Customer Service needs Global Awareness

by Jeff Wiener on November 15, 2012

When Superstorm Sandy ravaged the Eastern seaboard late last month it once again demonstrated the indomitable nature of the human spirit, with communities rallying to help those hit hardest by the maelstrom. In fact, seeing how people were able to come together amidst that terrible tragedy reminded me of the inherent goodness in all most of us.

But while Sandy was able to demonstrate the best in us, it was also a forum for some of the worst human behaviour as well, with looters, scammers, and those looking to profit off the suffering of others emerging from the gutters to prey on the victims of the disaster.

Some of the most discouraging stories, however, come from the business sector, as while disastrous times offer the corporate world a chance to make a difference in the lives of their customers, far too often those hardest hit by natural disasters like Sandy suddenly find themselves tied down in red tape and stringent corporate policies as well.

So as I wrap up my series on customer service, if your company operates across continents and countries, incorporating global awareness into your customer service policies is absolutely critical in order to understand how to effectively serve your customers varying needs.

I came across a story recently that truly highlights the need not only for global awareness but a little corporate compassion when dealing with customers who might be coping with the complete and utter devastation of their lives.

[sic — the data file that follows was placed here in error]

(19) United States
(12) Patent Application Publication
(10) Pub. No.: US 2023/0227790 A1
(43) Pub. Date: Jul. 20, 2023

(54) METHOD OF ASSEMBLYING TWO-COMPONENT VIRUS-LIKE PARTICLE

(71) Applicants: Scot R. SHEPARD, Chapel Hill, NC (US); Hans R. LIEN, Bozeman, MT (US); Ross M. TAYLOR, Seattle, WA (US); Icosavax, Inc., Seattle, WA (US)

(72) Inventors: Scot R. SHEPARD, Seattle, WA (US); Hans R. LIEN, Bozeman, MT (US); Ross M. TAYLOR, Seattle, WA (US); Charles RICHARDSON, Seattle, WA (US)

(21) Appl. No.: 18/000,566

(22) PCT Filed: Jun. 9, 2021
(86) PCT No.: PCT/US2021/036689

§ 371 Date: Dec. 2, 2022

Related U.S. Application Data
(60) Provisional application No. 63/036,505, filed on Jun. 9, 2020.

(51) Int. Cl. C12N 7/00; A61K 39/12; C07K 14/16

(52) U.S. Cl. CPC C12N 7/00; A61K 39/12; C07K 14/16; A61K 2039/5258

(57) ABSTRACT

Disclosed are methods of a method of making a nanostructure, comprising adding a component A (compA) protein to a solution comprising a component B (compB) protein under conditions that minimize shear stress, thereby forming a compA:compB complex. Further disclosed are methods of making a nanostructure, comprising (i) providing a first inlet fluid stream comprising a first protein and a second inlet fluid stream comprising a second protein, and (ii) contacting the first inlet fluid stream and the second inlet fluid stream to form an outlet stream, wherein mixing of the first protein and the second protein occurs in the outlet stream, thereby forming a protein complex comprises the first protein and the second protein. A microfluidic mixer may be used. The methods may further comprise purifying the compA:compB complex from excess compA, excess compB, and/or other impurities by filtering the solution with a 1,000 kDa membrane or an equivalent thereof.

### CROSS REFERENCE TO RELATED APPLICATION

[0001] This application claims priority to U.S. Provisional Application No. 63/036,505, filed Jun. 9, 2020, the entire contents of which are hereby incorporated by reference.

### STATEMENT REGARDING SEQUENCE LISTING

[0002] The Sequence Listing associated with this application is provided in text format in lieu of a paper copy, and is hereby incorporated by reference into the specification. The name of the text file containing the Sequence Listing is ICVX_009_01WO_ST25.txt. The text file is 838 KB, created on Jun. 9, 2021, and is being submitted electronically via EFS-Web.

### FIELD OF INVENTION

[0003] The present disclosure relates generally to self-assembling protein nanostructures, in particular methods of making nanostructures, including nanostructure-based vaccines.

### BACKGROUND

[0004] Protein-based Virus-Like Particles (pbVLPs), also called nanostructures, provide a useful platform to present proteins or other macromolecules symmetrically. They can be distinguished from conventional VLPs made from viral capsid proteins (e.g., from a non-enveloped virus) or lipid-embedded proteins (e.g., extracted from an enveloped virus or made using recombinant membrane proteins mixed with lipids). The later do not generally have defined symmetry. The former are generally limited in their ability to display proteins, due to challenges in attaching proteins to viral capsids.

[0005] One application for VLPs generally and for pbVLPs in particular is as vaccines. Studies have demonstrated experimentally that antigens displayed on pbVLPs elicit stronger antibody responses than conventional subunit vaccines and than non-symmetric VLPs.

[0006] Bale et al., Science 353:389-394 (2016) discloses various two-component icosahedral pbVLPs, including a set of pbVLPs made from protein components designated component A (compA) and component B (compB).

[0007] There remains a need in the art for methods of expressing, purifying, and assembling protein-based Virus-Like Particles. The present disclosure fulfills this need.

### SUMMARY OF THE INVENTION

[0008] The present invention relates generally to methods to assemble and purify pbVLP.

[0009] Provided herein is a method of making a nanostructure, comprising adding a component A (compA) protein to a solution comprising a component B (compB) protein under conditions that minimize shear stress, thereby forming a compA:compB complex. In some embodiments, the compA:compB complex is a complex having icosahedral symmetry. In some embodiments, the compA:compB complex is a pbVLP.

Having had their dream vacation cottage already burn to the ground, one New Jersey family prepared to leave their primary residence, their safety threatened by a nearby broken gas main. While part of the family’s annual routine, this time it was part of a prepared evacuation plan to phone and cut off the cable, but when contacting the cable provider—no surprise it was Comcast—the family was told that it must return the cable box and other accessories or be charged for them. “We’re very sorry, but the price of the equipment will be charged to your account if you’re unable to return it”, was the line the family was given.

Granted I’m a little confused why the family would bother with cable amidst such a disaster, but nevertheless here we have long time Comcast customers who stood to lose everything they held dear, being told in the midst of the fire and floods that despite the devastation it was Comcast’s policy that customers needed to return unused equipment…company policy, no exceptions.

Already known for their deplorable customer service, Comcast truly should be an object lesson for all businesses about how not to treat your customers. As one who prides himself on offering the best customer service possible, one of my golden rules is that there are no company policies written in stone. Sure we have policies to guide our sales and service staff in handling complaints, such things assist in maintaining consistency in our service. But as the old saying goes, there are exceptions to every rule.

In order to maximize the effectiveness of your customer service the first thing to realize is that your business doesn’t exist in a vacuum, but is part of this complex, multi-faceted process we call life. If you operate across countries, continents, or around the world, it pays to know what’s happening in those regions and to educate your staff on how best to respond. You might be surprised how far a little corporate empathy will go.

Building on that, it’s important to remember that if staff are connecting with customers in disaster areas, reading a prepared script just won’t cut it. Customers might be scared, perhaps even traumatized, and they often need the assistance of a human being, not a scripted robot-sounding agent on the other end.

Finally, as I already mentioned, be flexible. Customer service policies are useful, no question, but if your staff doesn’t have licence to move beyond those policies and make judgment calls, your customer service will suffer, and clients will look elsewhere for the help they need.

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